Online Update for October 13, 2006



October 13, 2006


Sponsored by
Rockwell Automation

Among the benefits of multi-drive systems is their ability to optimize energy use through the precise control of motors, a function that becomes increasingly important as energy supplies become more strained. According to ABB, Automation Products, Low Voltage Drives, a multi-drive is built from industrial drive modules connected to a common dc bus bar, a construction that results in such benefits as savings in cabling, reduced line currents, and simpler braking arrangements.

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Multi-drive systems explained

Integrators, OEMs, panel builders, and end users who are interested in optimizing energy use through the precise control of motors need to consider multi-drive systems. Since drives are available in multiple- and single-drive configurations, it is useful to define the difference and highlight the benefits that the next generation of multi-drives can provide.

A multi-drive is built from industrial drive modules connected to a common dc bus bar. Key units of ABB's ACS800 multi-drive system, supply and inverter sides, are shown.

Adjustable speed drives can be used in any application where mechanical equipment is powered by motors. The drives provide extremely precise electrical motor control so motor speeds can be ramped up and down, and maintained, at required speeds. Doing so uses only the energy required, rather than using an excess of energy while a motor runs at constant (fixed) speed.

Since motors consume a majority of all energy produced, the control of motors, based on load demands, increases in importance as energy supplies become ever more strained. In addition, end users of motors can realize 25% to 70% energy savings by using motor controllers.

Single drives are highly flexible ac drives that can be customized to meet the needs of a single-motor application. These units convert ac power to dc, and then invert the dc back to an ac output to a motor. These drives cover a full range of powers and voltages, can include built-in options as standard equipment, and can be installed for most applications right out of the box.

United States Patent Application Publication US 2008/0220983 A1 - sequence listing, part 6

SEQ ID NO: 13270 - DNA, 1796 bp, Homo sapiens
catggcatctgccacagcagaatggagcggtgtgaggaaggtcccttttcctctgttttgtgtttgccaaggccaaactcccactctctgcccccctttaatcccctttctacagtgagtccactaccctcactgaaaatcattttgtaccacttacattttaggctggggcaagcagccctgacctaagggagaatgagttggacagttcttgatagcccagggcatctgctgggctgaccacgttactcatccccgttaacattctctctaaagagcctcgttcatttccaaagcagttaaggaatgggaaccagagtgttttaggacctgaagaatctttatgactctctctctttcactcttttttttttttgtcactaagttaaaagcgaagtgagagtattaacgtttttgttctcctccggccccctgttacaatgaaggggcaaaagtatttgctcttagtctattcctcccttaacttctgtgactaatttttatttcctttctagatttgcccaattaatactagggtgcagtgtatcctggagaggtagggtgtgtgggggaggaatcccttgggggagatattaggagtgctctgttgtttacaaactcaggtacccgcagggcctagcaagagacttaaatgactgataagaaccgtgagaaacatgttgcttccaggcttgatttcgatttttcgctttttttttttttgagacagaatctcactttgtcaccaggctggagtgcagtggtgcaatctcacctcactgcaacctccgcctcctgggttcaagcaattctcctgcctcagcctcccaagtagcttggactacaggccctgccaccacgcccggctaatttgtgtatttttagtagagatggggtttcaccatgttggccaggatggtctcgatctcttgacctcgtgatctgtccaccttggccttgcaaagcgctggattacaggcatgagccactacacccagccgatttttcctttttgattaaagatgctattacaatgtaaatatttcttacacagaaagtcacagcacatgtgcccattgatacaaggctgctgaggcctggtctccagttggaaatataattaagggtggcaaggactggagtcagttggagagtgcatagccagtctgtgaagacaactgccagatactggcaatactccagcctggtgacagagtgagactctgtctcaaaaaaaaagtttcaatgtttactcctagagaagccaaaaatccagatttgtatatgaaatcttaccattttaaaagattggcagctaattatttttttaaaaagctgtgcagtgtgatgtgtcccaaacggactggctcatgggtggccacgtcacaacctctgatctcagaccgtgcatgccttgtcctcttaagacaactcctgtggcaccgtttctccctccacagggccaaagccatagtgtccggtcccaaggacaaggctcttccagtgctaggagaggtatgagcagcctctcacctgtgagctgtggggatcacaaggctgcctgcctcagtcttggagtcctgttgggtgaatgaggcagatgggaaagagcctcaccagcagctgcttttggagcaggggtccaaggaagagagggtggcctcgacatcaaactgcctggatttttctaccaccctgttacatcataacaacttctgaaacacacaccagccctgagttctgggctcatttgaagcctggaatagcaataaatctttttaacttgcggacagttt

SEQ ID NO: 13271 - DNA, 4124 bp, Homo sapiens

A single rectifier

A multi-drive, on the other hand, is built from industrial drive modules that are connected to a common dc bus bar. The common bus bar is used to supply the drive modules with dc power, and each module then inverts the dc to ac and powers an individual motor. The dc power is derived from a single supply unit (rectifier) that is built into the front end of the same multi-drive configuration.

This construction simplifies the total installation and results in many benefits: savings in cabling; reduced line currents and simpler braking arrangements; energy distribution over the common dc bus bar, which can be used for motor-to-motor braking without the need for a braking chopper or a regenerative supply unit; reduced component counts; increased reliability; and space savings. There is also no need for a separate motor control center (MCC).

In general terms, multi-drives can be used whenever several drives and motors form part of a single or integrated mechanical process. The common supply of the multi-drive enables the implementation of overall safety and control functions, and permits the close coordination of individual drive motors, such as in a paper machine.

Multi-drives also can be used where the shafts of the individual drive motors are not tightly coupled; for example, in processes where each drive module can be programmed with a speed profile so that the overall use of energy is minimized.

Source: ABB, Automation Products, Low Voltage Drives, supplies a variety of energy-efficient electric drives, motors, and engineered drive products, including the new ACS800 multi-drive system. For more, visit .


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